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close this bookWorkshop to Produce an Information Kit on Farmer-proven. Integrated Agriculture-aquaculture Technologies (IIRR, 1992, 119 p.)
View the document(introduction...)
View the documentIntroduction
View the documentWorkshop of participants
View the documentBibliography on integrated farming
close this folderEconomic, sociocultural and environmental considerations in introducing integrated agriculture-aquaculture technology
View the documentSociocultural considerations when introducing a new integrated agriculture - aquaculture technology
View the documentEconomic considerations in introducing integrated agriculture-aquaculture technologies
View the documentWorking with new entrants to integrated agriculture -aquaculture
View the documentIntegrated agriculture-aquaculture and the environment
close this folderIntegrated farming systems
View the documentIntegrated grass-fish farming systems in China
View the documentChinese embankment fish culture
View the documentThe V.A.C. system in northern Vietnam
View the documentFodder-fish integration practice in Malaysia
View the documentIndian integrated fish-horticulture vegetable farming
View the documentCulture of short-cycle species in seasonal ponds and ditches of Bangladesh
close this folderAnimal-fish system
View the document(introduction...)
View the documentIntegrated fish-duck farming
View the documentIntegrated poultry-fish farming
View the documentIntegrated fish-pig farming (1000 sq meter unit: India)
View the documentBackyard integrated pig-fish culture (100-150 sq m unit: philippines)
close this folderRice-fish systems
View the document(introduction...)
View the documentLow-input rice-fish farming system in irrigated areas in Malaysia
View the documentRice-fish systems in Indonesia
View the documentSawah Tambak rice-fish system in Indonesia
View the documentRice-fish systems in China
View the documentRice-fish system in Guimba, Hueva Ecija, Philippines
View the documentThe case of rice-fish farmer mang isko,dasmarinas, cavite, the Philippines
close this folderManagement for rice-fish
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View the documentSite selection: where to culture fish with rice'
View the documentPreparation of field for Rich - fish culture
View the documentStocking for rice-fish culture
View the documentFeeding and maintenance in rice-fish system
View the documentRice management in rice-fish culture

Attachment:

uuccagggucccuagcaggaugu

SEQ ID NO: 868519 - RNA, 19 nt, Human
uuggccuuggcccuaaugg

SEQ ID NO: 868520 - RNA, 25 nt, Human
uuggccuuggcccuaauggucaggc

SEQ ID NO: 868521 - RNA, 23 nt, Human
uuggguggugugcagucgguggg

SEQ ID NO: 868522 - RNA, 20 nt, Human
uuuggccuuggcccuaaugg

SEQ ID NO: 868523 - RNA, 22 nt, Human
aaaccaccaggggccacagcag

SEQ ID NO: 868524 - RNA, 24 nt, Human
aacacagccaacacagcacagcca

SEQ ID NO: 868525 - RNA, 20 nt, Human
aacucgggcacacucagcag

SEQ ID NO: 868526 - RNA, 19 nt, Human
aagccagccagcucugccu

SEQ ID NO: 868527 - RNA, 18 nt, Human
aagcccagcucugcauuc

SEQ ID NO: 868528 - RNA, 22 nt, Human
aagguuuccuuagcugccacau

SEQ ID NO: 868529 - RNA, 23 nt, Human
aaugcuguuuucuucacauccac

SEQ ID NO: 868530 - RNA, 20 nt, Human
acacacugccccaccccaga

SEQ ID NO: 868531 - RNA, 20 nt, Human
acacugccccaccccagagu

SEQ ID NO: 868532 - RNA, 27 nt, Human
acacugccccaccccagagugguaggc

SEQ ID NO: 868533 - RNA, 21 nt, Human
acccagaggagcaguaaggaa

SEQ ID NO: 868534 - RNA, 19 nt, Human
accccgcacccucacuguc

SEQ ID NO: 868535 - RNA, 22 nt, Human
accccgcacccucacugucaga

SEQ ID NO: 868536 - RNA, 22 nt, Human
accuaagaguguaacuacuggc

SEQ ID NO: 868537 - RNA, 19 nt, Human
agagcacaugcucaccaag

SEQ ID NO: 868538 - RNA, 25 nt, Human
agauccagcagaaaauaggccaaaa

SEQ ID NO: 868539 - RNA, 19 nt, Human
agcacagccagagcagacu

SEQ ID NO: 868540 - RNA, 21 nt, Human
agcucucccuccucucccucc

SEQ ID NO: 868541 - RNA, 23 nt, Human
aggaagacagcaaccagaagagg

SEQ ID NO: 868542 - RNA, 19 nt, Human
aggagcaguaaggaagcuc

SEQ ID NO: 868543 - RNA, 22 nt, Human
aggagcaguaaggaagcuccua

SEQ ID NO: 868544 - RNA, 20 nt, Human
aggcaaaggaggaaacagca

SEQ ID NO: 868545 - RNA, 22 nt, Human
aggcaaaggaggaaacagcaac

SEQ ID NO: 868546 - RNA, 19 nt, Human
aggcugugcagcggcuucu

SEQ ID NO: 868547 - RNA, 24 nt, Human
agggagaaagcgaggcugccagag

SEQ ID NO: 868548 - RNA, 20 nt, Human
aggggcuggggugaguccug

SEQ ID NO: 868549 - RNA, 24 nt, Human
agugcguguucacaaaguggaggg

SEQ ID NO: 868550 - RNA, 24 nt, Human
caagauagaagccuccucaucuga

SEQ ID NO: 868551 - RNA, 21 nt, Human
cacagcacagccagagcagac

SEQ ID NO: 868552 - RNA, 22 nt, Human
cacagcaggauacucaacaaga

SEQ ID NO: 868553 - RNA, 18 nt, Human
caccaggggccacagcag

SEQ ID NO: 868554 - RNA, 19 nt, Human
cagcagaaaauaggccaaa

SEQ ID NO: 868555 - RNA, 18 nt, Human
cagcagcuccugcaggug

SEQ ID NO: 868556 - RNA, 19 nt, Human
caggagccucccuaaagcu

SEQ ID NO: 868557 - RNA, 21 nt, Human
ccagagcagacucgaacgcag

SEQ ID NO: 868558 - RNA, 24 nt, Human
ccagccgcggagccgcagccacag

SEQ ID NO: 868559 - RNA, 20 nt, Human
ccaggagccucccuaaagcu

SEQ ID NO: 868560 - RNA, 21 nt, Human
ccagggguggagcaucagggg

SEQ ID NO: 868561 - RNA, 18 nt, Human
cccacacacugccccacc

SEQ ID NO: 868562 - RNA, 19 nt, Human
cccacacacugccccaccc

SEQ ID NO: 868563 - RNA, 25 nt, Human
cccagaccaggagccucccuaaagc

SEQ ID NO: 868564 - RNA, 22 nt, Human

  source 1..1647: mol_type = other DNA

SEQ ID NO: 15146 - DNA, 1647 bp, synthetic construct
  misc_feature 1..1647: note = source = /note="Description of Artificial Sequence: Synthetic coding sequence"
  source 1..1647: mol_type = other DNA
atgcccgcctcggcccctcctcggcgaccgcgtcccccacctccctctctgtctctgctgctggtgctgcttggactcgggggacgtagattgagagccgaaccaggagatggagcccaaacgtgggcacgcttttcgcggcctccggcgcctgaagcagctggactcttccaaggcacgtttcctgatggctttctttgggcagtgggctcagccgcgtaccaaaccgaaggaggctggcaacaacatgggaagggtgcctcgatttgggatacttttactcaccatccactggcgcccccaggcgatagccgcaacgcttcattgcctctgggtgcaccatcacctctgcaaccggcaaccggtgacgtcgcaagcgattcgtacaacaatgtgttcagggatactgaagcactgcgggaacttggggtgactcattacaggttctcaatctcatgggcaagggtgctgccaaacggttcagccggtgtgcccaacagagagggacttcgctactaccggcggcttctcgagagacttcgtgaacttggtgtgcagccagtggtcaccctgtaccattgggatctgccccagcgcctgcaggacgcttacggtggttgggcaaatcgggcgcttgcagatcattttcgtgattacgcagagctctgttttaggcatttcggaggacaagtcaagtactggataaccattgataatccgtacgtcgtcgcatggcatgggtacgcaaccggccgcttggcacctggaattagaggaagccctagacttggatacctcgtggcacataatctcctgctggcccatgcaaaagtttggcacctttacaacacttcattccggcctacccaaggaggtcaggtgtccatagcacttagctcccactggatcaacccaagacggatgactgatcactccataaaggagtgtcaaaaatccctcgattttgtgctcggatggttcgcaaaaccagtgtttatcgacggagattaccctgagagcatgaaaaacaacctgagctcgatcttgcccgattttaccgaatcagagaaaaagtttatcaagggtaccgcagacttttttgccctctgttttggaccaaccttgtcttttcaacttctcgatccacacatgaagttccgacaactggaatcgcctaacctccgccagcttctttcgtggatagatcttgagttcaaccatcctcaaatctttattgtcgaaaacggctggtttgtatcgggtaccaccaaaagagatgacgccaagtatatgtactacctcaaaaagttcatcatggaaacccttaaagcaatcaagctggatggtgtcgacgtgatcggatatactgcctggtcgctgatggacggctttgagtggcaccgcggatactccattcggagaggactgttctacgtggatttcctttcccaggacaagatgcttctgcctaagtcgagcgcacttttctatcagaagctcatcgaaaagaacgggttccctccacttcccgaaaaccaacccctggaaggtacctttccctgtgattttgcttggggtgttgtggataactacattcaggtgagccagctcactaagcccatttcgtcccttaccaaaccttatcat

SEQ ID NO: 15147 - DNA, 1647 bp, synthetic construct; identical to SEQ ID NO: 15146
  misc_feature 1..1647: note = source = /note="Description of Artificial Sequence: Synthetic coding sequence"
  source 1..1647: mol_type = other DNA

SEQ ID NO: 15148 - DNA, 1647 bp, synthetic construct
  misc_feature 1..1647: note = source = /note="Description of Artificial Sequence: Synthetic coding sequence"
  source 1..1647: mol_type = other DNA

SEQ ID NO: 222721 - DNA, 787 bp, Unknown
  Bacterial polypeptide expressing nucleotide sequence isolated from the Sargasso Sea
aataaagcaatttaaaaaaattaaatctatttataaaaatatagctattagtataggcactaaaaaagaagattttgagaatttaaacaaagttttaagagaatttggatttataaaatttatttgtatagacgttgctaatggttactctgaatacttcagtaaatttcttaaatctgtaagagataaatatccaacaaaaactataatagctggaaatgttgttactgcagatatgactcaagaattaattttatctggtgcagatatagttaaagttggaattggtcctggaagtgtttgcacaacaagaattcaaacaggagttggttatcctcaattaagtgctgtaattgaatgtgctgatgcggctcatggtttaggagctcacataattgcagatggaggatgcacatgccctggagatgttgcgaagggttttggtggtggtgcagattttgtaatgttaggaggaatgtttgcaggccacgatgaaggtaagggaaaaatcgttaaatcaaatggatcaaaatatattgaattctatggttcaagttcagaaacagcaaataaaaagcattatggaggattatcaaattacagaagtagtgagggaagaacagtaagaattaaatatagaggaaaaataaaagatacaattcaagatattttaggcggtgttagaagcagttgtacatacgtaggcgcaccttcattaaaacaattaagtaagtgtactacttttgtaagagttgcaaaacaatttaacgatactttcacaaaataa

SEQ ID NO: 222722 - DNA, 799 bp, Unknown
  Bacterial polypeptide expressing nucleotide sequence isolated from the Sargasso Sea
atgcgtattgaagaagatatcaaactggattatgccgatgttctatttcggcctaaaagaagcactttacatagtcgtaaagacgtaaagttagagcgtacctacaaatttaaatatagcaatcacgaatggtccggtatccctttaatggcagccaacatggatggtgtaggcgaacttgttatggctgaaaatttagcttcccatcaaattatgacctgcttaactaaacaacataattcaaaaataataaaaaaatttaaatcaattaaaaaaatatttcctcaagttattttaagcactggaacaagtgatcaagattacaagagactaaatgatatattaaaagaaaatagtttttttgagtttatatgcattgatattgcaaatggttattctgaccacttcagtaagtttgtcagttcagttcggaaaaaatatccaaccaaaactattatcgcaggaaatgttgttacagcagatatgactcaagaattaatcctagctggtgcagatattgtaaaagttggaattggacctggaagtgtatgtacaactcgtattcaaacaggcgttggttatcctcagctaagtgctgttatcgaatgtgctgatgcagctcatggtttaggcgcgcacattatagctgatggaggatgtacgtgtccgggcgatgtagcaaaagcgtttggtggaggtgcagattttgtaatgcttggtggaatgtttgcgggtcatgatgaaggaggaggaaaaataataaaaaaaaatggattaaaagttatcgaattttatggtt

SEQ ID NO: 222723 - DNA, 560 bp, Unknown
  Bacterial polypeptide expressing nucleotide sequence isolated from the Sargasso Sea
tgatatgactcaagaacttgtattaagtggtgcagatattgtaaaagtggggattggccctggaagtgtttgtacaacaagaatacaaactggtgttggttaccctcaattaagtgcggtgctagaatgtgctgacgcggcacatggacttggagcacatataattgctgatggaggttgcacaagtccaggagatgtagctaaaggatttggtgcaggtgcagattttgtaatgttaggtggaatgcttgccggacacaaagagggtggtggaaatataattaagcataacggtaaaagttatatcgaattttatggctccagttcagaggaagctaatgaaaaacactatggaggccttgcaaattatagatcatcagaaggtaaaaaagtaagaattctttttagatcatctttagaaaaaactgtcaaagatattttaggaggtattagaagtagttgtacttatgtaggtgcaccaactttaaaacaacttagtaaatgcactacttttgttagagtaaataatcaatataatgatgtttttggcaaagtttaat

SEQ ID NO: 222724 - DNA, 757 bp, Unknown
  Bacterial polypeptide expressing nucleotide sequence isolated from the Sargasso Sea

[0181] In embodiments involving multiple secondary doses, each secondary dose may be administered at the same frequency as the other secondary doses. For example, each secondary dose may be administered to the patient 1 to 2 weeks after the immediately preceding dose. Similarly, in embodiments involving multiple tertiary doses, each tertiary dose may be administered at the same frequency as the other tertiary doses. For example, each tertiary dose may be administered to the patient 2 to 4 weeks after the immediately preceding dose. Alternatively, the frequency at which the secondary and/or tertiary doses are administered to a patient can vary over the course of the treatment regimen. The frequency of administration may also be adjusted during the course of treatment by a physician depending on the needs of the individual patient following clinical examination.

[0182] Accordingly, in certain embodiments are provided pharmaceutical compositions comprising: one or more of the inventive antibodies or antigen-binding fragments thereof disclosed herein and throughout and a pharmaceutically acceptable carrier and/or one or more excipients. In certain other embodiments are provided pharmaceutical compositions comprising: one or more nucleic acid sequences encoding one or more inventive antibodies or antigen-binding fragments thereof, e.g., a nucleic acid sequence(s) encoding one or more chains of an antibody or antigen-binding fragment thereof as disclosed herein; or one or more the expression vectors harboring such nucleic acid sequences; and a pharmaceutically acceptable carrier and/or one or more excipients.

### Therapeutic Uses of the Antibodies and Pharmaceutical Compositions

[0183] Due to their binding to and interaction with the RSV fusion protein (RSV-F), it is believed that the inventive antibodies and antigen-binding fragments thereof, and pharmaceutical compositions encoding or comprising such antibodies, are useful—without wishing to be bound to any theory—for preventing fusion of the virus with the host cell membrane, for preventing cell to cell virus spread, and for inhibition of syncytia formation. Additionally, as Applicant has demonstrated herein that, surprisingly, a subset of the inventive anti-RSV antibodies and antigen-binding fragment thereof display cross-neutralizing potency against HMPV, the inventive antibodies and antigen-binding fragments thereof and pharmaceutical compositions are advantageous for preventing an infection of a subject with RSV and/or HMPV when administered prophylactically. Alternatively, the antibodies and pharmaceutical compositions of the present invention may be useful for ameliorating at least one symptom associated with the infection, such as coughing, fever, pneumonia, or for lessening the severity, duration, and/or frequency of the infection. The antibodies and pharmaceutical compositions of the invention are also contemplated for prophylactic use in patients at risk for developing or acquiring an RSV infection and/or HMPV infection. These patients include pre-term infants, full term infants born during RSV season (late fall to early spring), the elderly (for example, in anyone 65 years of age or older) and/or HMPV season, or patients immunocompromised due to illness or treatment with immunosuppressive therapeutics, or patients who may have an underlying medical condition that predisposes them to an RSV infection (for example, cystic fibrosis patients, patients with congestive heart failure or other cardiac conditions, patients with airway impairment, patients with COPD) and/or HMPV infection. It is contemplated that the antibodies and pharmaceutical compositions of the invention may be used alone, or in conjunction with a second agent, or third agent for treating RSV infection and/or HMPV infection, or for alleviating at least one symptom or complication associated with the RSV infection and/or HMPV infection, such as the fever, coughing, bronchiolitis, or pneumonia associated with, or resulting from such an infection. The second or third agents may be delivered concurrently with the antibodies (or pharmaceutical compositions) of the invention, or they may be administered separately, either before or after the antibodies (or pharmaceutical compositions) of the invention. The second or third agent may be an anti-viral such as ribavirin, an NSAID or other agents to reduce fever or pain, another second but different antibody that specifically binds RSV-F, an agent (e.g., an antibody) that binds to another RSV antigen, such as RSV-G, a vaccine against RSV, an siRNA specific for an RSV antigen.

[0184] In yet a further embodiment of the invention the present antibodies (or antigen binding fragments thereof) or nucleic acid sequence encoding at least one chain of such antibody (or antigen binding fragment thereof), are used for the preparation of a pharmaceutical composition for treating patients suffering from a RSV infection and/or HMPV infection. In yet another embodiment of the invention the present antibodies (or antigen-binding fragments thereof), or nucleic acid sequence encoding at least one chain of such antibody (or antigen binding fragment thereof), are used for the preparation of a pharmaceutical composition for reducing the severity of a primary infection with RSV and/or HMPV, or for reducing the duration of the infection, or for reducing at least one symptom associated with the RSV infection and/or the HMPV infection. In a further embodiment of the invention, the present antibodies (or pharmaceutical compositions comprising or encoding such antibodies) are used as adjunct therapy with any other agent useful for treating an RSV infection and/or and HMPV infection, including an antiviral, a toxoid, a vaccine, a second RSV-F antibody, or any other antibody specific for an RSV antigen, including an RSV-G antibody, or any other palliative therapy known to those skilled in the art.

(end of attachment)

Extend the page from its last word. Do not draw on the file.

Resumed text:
View the documentRice-fish benefits and problems
View the documentThe rice-fish ecosystem
View the documentFish as a component of integrated pest management (ipm) in rice production
close this folderFish management and feeding
View the documentUsing animal wastes in fish ponds
View the documentSewage-fed fish
View the documentBiogas slurry in fish culture
View the documentPlant sources of feed for fish
close this folderFish breeding and nursing
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View the documentCarp breeding using off- season wheat fields
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View the documentFry nursing in rice-fish systems
View the documentFingerling production in irrigated paddy

Rice-fish systems in Indonesia

Rice-fish farming has a long history in Indonesia. In general, farmers have developed the systems that are now existing. The widely practiced rice-fish systems in irrigated areas of West Java are: minapadl, penyelang and fish palawija A special system called sawak tambak also exists in the coastal areas of East Java.


Rice-fish systems in Indonesia

Fish produced from ricefields are mostly seed fish for restocking in grow out systems, such as floating net and bamboo cages, running water (concrete tanks) and irrigation canal systems.


Minapadi system

Rice Agronomy

Rice varieties which are proven to yield high with fish during wet season such as IR 64 and during dry season such as Cillwung are planted. Planting distance in a thoroughly prepared land is 20 x 20 cm, 22 x 22 cm or 25 x 25 cm. In West Java, fertilizers used (and their rates of application in kg/ha) are: urea,200; triple superphosphate,100; potassium chloride, 100; and ammonium sulfate, 50. Water level is kept low during the filleting stage of rice. It is gradually raised to 10-15 cm throughout the rice growth.

Fish Culture

Common carp weighing 15-25 9 are stocked at 2,500-3,000/ha 7-10 days after rice planting. A center or cross-trench occupies about 2% of the total rice field area. Harvesting is done by draining the field slowly after a culture period of 40-60 days. Within this period, the fish attain 50-100 9, the size desired for stocking cages and running water culture systems.

Penyelang system

This is the culture of fish in between the first and second rice crops. Fish culture period is shorter than palawija system. A portion of the ricefield with rice stubbles is immediately stocked with common carp, while preparing the remaining portion for the dry season rice crop.

Stocking size varies: 5-8 or 8-12 cm or 15-25 9, depending on availability. Stocking rate is 2,0004,000/ha. Water depth is 10-20 cm. Fish are harvested after 30-40 days. This short period may not produce the desired size for growout in cages and running water systems, especially if stocked small. However, growout operators also buy small fish seeds if supply is scarce. The unsold small fish are restocked in the following dry season crop.


Penyelang system


Rice-fish cropping pattern in sawah tamak

Prepared by: CATALINO DELA CRUZ

FARMER-PROVEN INTEGRATED AGRICU LTURE-AQUACULTURE:
A TECHNOLOGY INFORMATION KIT (IIRR-ICLARM)